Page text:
Ownership means that you are accountable for your work. You make sure to understand the requirements, and commit the necessary effort and resources to deliver on time, within budget, and to the customer’s satisfaction. You understand that your work will help the organization meets its current and long-term goals.
Those lacking the ownership mentality are heard making the following comments:
- “I do what I’m told and nothing more.”
- “I’m not going to kill myself working weekends so that our owners get paid the big bonuses.”
- “If only the customers knew the poor quality of products we produce here.”
- “The problem is marketing. They need to do a better job creating a brand. Until they do that, there is nothing we can do on our side.”
- “That training was worthless! Instead of training, we need a pay raise.”
Passing the buck is a troubling sign. You must go beyond the work you are assigned to do. To develop an ownership mentality, you must know how the different components affect each other.
Here are three ways you can develop the ownership mentality:
#1: Become an owner of problems.
You are hired by organizations to solve problems. In fact, you are a professional problem solver. The bigger problems you solve, the more you are compensated. Once you identify a problem, you must do whatever possible to own it. The issue will only be resolved when someone assumes full control.
For example, the sales manager is concerned that the sales team is successful in scheduling appointments with prospects, but the closure rate is declining. Upon spotting this trend, the sales manager hires an external consultant to train the team on how to focus on expressing the value of the products and services to the customer. Once the problem is identified, the sales manager assumed ownership, and provided an immediate solution.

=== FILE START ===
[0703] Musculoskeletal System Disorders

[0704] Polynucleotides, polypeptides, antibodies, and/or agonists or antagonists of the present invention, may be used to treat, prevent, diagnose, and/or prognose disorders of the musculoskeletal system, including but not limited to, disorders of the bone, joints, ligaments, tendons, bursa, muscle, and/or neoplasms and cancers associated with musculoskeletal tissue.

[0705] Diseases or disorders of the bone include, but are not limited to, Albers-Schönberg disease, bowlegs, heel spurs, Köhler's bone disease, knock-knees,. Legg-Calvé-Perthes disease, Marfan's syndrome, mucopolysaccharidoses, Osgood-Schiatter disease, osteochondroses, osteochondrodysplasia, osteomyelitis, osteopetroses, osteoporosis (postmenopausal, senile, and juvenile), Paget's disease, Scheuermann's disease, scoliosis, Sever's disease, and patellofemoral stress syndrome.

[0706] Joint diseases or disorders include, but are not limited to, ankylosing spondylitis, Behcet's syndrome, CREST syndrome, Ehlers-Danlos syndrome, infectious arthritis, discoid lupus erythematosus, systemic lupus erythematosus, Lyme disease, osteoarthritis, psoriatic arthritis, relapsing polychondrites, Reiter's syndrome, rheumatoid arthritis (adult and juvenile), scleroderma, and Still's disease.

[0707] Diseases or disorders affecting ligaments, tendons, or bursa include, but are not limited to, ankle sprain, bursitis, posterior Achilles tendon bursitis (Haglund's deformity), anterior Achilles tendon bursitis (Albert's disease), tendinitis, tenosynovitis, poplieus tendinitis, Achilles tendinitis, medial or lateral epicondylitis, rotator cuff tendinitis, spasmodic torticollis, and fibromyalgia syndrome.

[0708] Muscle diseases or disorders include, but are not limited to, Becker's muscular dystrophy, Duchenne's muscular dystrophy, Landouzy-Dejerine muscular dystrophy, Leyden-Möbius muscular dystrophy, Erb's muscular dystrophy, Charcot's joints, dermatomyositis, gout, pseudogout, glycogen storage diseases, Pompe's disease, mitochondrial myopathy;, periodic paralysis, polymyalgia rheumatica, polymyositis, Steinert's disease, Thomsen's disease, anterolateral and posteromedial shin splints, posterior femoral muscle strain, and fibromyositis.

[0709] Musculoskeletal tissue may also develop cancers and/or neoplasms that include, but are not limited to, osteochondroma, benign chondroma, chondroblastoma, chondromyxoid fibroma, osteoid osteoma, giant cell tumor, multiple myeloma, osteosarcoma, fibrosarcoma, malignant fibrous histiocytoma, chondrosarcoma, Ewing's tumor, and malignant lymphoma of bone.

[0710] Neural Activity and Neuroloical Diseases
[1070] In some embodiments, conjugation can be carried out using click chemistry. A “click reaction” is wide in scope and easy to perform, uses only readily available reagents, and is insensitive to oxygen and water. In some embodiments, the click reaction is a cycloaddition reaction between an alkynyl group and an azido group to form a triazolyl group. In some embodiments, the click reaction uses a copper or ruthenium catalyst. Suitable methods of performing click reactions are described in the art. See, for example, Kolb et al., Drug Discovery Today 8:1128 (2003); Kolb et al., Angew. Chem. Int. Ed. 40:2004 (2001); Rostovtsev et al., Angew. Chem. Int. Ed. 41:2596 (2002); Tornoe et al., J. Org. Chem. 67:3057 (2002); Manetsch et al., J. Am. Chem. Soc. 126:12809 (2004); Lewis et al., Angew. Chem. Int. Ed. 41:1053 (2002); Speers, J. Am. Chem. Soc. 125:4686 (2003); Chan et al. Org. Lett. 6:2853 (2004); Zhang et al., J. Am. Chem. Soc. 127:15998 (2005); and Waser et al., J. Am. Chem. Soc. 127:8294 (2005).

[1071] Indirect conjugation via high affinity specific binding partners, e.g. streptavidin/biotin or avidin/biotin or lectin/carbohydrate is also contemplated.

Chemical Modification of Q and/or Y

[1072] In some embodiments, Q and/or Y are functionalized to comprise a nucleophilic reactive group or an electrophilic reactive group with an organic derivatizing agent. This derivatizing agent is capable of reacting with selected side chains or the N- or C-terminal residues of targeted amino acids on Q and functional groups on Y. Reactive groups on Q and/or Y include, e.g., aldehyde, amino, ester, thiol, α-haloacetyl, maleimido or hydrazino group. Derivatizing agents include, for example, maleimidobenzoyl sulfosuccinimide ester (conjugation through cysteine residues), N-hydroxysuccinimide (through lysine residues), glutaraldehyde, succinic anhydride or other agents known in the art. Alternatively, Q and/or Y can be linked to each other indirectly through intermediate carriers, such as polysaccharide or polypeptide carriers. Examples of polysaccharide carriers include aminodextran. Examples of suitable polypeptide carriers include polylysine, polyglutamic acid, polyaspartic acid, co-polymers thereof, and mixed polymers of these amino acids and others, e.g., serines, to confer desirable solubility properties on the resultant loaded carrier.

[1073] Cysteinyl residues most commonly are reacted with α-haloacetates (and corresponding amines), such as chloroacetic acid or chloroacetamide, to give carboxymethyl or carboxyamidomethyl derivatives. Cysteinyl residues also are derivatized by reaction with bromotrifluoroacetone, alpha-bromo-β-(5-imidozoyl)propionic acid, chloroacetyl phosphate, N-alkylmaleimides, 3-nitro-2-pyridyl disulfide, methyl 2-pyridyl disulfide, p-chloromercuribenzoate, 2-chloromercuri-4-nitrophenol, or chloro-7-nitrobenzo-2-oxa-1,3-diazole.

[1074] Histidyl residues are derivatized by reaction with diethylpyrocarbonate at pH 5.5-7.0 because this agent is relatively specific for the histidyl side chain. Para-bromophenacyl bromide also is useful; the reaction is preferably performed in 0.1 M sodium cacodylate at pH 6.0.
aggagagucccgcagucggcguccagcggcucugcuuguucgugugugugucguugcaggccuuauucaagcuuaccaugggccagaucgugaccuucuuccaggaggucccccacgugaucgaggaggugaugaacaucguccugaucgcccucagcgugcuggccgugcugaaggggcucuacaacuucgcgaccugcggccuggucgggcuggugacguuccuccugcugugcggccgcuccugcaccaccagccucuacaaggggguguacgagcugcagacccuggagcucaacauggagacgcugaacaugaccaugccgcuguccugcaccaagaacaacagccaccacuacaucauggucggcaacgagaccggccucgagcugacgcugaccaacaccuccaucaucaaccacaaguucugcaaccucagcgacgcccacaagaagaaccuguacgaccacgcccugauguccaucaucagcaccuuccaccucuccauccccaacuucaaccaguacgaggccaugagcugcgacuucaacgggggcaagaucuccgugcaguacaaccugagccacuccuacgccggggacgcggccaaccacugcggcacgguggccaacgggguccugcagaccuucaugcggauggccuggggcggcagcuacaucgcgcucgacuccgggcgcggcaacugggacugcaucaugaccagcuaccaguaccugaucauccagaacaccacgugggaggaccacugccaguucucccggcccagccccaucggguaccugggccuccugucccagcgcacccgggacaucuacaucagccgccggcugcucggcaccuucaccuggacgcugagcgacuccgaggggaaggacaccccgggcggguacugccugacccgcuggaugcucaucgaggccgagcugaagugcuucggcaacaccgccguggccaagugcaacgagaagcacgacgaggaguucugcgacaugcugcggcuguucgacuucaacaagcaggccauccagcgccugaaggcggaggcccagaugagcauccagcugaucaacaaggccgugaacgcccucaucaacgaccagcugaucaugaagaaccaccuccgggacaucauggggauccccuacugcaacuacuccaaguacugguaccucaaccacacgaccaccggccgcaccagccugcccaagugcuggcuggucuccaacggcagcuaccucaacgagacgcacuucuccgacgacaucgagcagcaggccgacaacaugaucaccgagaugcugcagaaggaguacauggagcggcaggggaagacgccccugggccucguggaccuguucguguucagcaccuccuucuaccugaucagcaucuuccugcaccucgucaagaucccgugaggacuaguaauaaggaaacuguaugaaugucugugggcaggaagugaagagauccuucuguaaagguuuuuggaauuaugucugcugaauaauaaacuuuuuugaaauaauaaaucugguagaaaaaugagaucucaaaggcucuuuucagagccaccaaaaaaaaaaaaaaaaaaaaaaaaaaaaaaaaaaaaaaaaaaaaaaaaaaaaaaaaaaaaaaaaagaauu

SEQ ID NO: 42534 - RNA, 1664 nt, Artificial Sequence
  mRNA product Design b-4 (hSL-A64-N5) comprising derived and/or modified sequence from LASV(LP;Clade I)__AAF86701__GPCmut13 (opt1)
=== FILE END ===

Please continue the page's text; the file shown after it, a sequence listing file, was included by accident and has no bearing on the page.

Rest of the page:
#2: Avoid blaming others… for anything.
Ownership assumes that you are in control of the problem. You will undoubtedly run across slackers, and even those who avoid the work altogether. When you own the problem, you focus on the individuals who get the work done, and not on those who are just along for the ride.
As a leader, avoid blaming others, especially as an excuse for work that went undone. Instead, inform your leadership team that you are working to identify the quality resources necessary to meet the objectives. This attitude alone sets you apart from the majority of employees.
#3: Finish what you start.
One notable sign of the ownership mentality is finishing the work assigned to you. Many people are gung-ho at the beginning of assignments, but that enthusiasm wanes within a week or so. You must be different. As the owner of a problem or issue, you keep your foot on the gas pedal until the requirements are met. Even when the work intensifies or loses its glamour, you keep going. Your focus remains strong.
The majority of people lack the interest or desire to develop the ownership mentality. These same people complain about politics, and other reasons why they are stuck in a rut.
You are different. You understand that success in your organization comes to those who are willing to assume accountability for the work that matters most. As a big thinker, you not only understand what must be done, but you are also committed to doing the work, even when praise is scarce.